War scythes have been associated with the Polish people, specifically, due to their widespread use by Polish peasants during the Swedish invasion of Poland in the 17th century, famously referred to as "The Deluge."

The painting "Mort de Bara" by Jean-Joseph Weerts depicts the use of a war scythe by a peasant against an army drummer.

The painting "Mort de Bara" by Jean-Joseph Weerts depicts the use of a war scythe by a peasant against an army drummer.

War scythes were used both in slashing and stabbing strikes. The wicked curved scythe blade could easily slash through soft tissue and cause tremendously painful, bleeding wounds. The point was also very sharp and could easily stab into cloth, leather, and maybe even chainmail.

The war scythe was also specially used against cavalry, as the long, sharp blade could easily cause severe wounds to horses and would be able to reach horsemen atop their steeds. While its size made it rather unwieldy, when used in groups, the war scythe was a cheap and efficient weapon against anyone not wearing heavy armor, and its length would help defend against anything it could not outright kill.

Polish War Scythe Exercises

A picture from a martial arts manual, depicting the usage of dueling shields.

A picture from a martial arts manual, depicting the usage of dueling shields.

3. Dueling Shields

Dueling shields are probably one of the more obscure and weird weapons that may or not have been employed on the medieval battlefield. Unfortunately, there really isn't all that much documentation on these magnificent implements of war.

Adding weapons to shields is far from a novel concept: shields have been fitted with spikes and other offensive accessories for as long as they have been in use. However, the idea of using the shield itself as a weapon, without the wielder using any other weapon, is a rare thing indeed.

The idea is attributed mostly to a famous German fencing master, Hans Talhoffer.

A contemporary depiction of Hans Talhoffer

A contemporary depiction of Hans Talhoffer

While there isn't much in the way of historical accounts involving shields being used as weapons like in the depiction above, "shield bashing" has been in use ever since the concept of a shield existed. After all, if you're carrying something in your hand that is hard enough to block a blow from a weapon and has some decent weight to it, it will likely do decent damage if you hit your opponent with it. Such techniques have been described for literal ages in many different accounts from all across history.

However, the idea of the shield itself being the principal weapon of a warrior is a concept that never truly established itself but was beautifully depicted in Hans Talhoffer's manuals.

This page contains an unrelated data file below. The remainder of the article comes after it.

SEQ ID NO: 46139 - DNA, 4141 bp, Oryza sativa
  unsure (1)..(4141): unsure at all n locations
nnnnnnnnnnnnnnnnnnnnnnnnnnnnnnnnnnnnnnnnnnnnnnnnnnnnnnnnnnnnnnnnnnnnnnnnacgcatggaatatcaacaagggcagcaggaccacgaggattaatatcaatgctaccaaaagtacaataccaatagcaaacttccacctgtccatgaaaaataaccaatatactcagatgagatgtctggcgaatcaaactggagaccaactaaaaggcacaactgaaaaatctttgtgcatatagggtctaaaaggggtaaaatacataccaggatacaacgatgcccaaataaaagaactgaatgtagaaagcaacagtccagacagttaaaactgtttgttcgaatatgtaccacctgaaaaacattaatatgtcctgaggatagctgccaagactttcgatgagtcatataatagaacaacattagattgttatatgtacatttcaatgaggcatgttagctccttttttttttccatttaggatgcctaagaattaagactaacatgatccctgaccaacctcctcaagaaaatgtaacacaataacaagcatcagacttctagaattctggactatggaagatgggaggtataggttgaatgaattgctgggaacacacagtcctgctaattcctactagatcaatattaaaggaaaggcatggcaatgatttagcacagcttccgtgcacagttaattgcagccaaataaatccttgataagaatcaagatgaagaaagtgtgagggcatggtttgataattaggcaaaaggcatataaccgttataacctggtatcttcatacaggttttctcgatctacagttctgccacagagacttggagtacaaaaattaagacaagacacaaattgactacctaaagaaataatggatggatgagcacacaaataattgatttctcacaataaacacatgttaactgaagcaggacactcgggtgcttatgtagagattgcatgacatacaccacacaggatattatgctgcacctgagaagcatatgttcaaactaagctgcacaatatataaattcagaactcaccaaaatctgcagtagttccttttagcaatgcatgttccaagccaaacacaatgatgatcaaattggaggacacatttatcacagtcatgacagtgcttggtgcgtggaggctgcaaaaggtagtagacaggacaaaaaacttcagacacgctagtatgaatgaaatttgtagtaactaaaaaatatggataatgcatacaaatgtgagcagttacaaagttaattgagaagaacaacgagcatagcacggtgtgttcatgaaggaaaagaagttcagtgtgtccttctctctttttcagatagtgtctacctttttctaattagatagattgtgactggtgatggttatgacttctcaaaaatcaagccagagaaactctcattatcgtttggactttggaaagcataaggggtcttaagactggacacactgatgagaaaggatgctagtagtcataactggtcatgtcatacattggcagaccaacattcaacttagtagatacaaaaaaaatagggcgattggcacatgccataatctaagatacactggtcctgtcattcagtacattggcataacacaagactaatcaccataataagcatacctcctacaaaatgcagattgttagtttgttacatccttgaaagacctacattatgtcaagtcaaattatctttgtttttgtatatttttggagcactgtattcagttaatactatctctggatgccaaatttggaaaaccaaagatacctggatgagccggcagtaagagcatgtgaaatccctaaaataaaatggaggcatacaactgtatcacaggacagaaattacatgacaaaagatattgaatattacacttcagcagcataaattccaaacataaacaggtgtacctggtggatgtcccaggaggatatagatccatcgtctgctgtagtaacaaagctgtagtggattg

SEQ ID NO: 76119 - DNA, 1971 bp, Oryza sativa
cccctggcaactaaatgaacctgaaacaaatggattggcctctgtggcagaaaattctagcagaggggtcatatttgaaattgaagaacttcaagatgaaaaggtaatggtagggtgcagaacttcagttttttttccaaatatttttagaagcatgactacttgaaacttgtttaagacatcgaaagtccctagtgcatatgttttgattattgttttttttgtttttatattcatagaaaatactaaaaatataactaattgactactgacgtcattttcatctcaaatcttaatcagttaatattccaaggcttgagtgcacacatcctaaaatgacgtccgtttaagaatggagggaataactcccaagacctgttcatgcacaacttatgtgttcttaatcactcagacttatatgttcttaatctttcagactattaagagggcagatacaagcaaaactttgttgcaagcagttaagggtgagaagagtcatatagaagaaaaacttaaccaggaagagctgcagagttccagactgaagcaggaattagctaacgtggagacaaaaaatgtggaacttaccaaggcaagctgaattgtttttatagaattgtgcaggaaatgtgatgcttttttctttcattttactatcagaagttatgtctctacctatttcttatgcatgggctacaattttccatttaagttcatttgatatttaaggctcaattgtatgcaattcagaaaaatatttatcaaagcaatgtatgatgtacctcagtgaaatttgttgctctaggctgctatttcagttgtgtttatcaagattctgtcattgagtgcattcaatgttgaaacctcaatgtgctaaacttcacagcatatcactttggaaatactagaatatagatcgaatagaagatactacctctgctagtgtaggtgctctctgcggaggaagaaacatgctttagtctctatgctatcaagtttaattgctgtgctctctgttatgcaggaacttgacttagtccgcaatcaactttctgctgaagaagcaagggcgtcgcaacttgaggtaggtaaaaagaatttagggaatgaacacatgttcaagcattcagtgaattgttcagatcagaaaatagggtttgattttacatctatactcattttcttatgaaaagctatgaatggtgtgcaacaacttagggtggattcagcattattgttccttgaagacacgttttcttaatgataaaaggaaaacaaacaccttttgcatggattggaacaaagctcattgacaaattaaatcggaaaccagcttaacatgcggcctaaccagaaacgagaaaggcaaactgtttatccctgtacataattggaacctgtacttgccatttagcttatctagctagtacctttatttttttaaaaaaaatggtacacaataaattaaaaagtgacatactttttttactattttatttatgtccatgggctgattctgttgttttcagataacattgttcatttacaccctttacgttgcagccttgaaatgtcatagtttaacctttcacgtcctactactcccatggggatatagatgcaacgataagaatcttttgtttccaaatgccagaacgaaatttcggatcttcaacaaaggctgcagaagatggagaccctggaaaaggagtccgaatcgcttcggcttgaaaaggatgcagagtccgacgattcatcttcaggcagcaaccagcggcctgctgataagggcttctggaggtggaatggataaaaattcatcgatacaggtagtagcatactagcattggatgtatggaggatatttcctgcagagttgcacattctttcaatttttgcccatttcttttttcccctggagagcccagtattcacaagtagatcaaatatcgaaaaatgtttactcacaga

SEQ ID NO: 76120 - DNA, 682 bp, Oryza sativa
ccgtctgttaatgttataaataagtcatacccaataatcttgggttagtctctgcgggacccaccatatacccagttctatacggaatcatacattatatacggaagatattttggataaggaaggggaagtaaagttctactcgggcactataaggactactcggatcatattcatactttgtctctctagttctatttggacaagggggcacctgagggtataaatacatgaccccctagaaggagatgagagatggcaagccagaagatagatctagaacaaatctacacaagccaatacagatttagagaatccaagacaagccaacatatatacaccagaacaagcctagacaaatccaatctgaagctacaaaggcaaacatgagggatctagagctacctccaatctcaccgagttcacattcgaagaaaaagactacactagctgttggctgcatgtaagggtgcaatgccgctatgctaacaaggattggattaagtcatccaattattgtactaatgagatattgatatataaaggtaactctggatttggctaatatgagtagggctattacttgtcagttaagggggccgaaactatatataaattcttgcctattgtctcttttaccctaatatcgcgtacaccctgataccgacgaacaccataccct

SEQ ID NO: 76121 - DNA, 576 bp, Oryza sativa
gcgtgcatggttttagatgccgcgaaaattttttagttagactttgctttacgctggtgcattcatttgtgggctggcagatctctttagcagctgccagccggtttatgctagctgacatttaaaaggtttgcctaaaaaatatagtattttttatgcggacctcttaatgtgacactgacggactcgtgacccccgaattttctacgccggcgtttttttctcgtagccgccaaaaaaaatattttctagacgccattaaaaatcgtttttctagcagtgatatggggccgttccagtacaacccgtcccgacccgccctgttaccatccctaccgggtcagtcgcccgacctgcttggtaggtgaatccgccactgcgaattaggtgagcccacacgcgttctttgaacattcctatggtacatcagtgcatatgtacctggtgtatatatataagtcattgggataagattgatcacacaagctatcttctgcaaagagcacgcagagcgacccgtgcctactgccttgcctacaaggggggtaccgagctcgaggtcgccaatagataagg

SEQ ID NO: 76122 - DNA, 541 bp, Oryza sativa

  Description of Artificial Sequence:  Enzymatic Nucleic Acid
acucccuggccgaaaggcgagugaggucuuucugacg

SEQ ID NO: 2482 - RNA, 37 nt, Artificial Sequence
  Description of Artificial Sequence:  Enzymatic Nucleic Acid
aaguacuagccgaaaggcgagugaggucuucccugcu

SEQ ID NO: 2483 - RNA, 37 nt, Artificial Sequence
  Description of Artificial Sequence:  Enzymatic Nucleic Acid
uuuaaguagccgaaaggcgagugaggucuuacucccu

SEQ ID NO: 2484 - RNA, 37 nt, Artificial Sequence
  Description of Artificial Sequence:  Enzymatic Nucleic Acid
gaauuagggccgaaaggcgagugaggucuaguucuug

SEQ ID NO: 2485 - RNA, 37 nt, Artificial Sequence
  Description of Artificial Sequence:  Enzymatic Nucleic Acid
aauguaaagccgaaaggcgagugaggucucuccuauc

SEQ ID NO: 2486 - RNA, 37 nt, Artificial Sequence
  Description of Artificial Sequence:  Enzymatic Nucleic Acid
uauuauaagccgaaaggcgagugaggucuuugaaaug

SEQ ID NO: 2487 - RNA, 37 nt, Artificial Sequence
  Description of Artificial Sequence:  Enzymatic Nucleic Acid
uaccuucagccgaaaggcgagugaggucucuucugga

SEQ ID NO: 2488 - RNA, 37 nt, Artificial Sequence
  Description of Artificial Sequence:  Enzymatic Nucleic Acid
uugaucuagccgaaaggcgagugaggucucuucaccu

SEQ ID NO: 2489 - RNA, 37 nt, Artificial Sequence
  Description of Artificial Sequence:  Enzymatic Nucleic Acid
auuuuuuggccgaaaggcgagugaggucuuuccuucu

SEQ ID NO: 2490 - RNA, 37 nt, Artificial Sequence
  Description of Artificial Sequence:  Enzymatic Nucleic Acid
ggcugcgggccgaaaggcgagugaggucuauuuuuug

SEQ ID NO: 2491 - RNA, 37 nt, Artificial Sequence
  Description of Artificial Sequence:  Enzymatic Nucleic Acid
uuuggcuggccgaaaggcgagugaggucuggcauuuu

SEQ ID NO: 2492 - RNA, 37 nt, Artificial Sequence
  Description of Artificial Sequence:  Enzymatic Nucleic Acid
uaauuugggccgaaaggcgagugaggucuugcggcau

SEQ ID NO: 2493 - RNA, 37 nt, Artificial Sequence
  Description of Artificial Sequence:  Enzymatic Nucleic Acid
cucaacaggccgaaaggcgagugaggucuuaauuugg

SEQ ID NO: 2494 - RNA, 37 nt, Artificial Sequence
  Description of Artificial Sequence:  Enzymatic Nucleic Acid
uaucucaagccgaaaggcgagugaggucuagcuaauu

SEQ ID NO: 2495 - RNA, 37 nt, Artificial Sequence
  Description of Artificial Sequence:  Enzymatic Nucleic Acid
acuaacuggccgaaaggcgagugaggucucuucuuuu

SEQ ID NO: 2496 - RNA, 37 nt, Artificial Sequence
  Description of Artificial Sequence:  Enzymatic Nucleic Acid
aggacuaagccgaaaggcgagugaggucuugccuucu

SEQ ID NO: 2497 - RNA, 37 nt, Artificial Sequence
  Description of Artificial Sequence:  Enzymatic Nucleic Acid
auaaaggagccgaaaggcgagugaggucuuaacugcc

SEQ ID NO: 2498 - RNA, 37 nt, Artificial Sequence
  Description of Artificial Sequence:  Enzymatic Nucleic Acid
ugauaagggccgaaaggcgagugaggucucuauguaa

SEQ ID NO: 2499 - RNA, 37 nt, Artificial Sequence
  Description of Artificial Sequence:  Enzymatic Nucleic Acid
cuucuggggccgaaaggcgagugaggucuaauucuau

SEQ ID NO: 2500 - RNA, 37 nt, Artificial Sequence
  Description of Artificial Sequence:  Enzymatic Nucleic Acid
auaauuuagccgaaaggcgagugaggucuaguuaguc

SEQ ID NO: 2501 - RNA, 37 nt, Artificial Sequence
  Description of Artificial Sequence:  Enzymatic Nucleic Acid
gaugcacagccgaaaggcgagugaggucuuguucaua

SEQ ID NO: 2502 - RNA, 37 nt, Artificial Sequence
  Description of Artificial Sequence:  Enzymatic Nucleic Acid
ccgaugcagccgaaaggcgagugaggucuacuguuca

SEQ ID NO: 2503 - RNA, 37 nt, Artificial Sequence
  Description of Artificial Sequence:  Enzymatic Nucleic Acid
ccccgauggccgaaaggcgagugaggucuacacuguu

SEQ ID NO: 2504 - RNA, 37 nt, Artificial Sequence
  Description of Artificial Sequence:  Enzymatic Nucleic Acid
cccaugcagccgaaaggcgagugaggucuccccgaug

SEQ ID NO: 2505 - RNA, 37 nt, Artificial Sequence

Another depiction of the use of shields in a formal duel

Another depiction of the use of shields in a formal duel

Hans Talhoffer was a Swabian fencing master and mercenary born around the year 1410 that became famous for being employed by German noblemen in judicial duels.

For some context, judicial duels or trials by combat were a legally recognized method of solving conflicts between two parties during the Middle Ages until the 16th century, when its use stopped and was eventually outlawed. In said duels, usually between noblemen, the litigants could either partake in the duel themselves or choose to be represented by a person, a champion of sorts.

While Hans Talhoffer depicted the use of shields as weapons in the 1440s, it is highly unlikely that his "dueling shields" were ever used on an actual battlefield.

While shields have been used as weapons since time immemorial, the dueling shields depicted here were likely only used in formal duels or trials by combat.

Dueling shields, apparently, could be used by themselves or with other weapons

Dueling shields, apparently, could be used by themselves or with other weapons

Talhoffer would go on to have a successful career as a mercenary and later as a martial tutor for noblemen throughout Germany. His manuals and the many similar works that followed them are now one of the most valuable sources of information on medieval combat since several exemplars have survived. Nowadays, many books on the matter have been created, based mostly on Talhoffer's work.

For example, in Eric Lowe's The Use of Medieval Weaponry, Lowe makes use of Talhoffer's manuals to give detailed theoretical explanations of the uses of "longshields."

Sources and Further Reading

Keen, Maurice Hugh. (1999). Medieval Warfare: A History. Oxford UP.

Lowe, Eric. (2020). The Use of Medieval Weaponry. AEON Books.

Nicholson, Helen. (2004). Medieval Warfare: Theory and Practice of War in Europe, 300–1500. Palgrave Macmillan.

Talhoffer, Hans. (2014). Medieval Combat: A Fifteenth-Century Manual of Sword-fighting and Close-Quater Combat. Frontline Books.

This content is accurate and true to the best of the author’s knowledge and is not meant to substitute for formal and individualized advice from a qualified professional.

© 2022 Guilherme Radaeli